Teenage Warriors star Reece Walsh is set to play fullback when on the field from now on with coach Nathan Brown grateful Roger Tuivasa-Sheck is willing to change positions as he balances options.
The Warriors looked at their best with Walsh on the field in Sunday's 34-18 NRL loss to Parramatta, after he came on just before halftime for a concussed Rocco Berry.
The 18-year-old scored one try and provided plenty of spark at the back, busting six tackles and breaking the line three times in just his fourth NRL game.
It coincided with his return to fullback, after the club tried playing him in the line at five-eighth in recent weeks only for him to be targeted in defence.
"That's our plan to just put him (at fullback)," Brown said.
"It's probably there for everyone to see that he's quite dangerous, understands the game very well and is quick and that type of stuff.
"He certainly had a good impact for us today and most the pleasing thing was in the second half he got his numbers really good in defence.
"That's something he's worked really hard at and I'm sure over time he should keep improving."
The Warriors have one of the game's most exciting young talents in Walsh, after luring him from Brisbane earlier this year to be rugby union-bound Tuivasa-Sheck's replacement for next year.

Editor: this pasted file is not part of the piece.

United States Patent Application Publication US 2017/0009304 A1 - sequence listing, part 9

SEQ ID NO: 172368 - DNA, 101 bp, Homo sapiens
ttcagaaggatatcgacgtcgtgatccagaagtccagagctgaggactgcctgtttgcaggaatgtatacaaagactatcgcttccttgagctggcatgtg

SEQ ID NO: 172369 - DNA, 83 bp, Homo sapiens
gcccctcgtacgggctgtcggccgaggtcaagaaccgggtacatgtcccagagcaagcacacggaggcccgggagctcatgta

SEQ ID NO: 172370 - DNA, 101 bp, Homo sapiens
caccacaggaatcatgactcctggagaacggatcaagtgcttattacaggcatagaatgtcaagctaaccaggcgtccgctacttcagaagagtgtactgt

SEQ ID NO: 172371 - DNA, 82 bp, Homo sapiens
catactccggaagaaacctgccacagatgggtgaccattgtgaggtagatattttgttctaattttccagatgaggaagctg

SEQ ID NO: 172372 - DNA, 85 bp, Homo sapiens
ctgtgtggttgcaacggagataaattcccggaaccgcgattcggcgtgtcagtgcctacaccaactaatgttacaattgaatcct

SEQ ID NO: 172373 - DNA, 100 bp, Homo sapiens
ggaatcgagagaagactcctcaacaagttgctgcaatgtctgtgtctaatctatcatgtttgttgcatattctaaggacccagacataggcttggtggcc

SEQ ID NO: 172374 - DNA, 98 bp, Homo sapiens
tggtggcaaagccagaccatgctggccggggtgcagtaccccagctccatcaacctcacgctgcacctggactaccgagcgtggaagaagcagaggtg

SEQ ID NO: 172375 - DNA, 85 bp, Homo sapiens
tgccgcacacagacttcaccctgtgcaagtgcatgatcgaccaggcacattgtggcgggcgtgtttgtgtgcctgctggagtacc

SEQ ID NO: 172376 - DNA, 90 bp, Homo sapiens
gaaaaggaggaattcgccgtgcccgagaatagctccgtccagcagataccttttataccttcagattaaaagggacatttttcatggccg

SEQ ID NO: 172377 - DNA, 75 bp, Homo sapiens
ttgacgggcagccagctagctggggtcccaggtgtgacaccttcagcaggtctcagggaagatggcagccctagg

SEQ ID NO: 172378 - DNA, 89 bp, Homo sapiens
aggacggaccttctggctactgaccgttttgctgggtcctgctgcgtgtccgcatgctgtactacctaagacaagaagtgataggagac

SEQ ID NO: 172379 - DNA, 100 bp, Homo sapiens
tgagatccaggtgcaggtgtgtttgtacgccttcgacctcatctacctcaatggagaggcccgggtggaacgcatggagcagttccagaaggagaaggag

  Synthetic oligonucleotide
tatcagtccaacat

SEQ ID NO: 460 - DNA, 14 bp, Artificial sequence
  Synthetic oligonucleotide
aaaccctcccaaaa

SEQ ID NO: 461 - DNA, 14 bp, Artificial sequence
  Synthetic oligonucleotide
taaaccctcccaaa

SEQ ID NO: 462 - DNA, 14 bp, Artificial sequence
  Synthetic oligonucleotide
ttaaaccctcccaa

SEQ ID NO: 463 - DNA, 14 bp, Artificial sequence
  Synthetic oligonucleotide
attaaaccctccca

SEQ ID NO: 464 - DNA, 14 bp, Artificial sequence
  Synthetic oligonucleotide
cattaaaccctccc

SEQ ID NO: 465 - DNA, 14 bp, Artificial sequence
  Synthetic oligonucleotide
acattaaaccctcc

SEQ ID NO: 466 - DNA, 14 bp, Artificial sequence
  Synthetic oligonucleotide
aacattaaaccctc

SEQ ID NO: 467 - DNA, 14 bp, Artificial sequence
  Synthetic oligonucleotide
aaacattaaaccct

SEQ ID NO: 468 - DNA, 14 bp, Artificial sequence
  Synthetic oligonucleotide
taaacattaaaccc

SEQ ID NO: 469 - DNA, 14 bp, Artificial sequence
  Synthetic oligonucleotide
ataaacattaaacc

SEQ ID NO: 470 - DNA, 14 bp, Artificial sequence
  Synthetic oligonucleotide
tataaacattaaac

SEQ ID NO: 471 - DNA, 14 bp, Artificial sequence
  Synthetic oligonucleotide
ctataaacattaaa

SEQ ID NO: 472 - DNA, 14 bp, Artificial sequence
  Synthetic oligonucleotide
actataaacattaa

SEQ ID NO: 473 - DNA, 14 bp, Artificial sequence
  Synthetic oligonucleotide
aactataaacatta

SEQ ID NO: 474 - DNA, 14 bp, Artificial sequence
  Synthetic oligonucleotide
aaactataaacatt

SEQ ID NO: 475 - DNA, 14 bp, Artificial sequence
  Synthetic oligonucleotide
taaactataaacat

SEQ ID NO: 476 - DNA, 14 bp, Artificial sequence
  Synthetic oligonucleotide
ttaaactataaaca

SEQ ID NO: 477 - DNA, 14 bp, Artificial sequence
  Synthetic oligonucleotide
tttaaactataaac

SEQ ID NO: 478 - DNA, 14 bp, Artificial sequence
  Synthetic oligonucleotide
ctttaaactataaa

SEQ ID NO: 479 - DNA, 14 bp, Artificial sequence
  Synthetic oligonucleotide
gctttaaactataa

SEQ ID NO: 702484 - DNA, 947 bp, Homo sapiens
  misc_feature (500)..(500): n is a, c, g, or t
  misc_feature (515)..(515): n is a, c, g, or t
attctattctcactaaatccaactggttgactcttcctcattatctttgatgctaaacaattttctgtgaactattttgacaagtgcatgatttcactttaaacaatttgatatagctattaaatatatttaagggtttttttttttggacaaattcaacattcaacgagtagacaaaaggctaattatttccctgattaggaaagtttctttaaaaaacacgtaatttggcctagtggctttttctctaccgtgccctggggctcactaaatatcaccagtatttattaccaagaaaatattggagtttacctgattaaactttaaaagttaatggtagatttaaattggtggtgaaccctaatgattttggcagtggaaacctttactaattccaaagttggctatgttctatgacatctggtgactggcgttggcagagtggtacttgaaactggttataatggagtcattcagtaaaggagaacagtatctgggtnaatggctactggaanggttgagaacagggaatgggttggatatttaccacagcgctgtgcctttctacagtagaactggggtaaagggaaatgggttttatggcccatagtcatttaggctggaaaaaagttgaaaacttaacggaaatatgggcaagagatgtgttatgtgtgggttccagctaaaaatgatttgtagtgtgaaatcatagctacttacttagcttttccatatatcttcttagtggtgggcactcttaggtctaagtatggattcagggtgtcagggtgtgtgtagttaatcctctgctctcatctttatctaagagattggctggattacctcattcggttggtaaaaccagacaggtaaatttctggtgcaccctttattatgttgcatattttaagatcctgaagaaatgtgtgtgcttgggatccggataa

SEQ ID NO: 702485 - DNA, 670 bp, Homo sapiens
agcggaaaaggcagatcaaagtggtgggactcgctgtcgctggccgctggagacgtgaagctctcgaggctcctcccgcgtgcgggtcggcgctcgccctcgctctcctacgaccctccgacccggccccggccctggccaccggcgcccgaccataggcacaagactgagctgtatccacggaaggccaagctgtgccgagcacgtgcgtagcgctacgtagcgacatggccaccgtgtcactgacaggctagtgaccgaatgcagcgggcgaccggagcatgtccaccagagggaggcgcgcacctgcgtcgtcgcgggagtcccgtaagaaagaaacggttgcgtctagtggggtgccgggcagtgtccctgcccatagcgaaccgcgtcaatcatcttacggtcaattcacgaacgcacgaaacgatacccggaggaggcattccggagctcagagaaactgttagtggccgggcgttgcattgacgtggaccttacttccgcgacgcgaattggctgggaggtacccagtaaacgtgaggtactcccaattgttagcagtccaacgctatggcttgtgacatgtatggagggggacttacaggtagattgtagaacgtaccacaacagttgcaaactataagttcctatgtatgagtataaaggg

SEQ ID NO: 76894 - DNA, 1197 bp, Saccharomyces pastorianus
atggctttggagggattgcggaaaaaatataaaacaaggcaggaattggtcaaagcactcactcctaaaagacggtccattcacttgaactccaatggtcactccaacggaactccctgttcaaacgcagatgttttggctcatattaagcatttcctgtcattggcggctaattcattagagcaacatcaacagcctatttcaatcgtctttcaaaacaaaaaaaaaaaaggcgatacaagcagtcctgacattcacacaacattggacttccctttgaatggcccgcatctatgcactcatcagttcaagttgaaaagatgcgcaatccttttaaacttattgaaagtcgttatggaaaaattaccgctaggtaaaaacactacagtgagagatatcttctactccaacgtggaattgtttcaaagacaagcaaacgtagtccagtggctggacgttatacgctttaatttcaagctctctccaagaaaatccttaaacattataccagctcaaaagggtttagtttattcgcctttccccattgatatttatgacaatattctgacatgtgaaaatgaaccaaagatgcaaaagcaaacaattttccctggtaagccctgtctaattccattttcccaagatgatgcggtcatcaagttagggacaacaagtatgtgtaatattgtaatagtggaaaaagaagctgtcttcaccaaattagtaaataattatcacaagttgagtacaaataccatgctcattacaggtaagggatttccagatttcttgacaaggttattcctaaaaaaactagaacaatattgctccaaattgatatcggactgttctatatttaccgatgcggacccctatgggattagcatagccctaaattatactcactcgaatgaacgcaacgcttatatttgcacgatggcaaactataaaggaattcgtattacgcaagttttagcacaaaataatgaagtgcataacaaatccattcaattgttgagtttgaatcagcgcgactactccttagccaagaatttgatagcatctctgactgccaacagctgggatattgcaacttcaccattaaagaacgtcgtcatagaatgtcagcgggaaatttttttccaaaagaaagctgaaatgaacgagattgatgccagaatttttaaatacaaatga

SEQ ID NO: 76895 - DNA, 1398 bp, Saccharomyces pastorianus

Brown mused that his freedom in attack may have come from the fact he grew up in Queensland, and that, like fellow teenage star Sam Walker, it hadn't been coached out of him.
But how the Warriors can manage to get more minutes with Walsh's spark on the field is now the challenge.
Tuivasa-Sheck is happy to move to the wing while Walsh is on, but that means leaving one of the game's biggest threats with less chance to cause damage through the middle.
"Rog just wants the club to do well and he knows ... Reece plays a big part in the future," Brown said.
"But we want to win the games now as well. So it's probably a balancing act.
"Roger's really comfortable to move.
"So because of Rogers attitude, it makes it quite easy to do. Where Roger wasn't that way inclined, it would probably make it a little difficult."
Australian Associated Press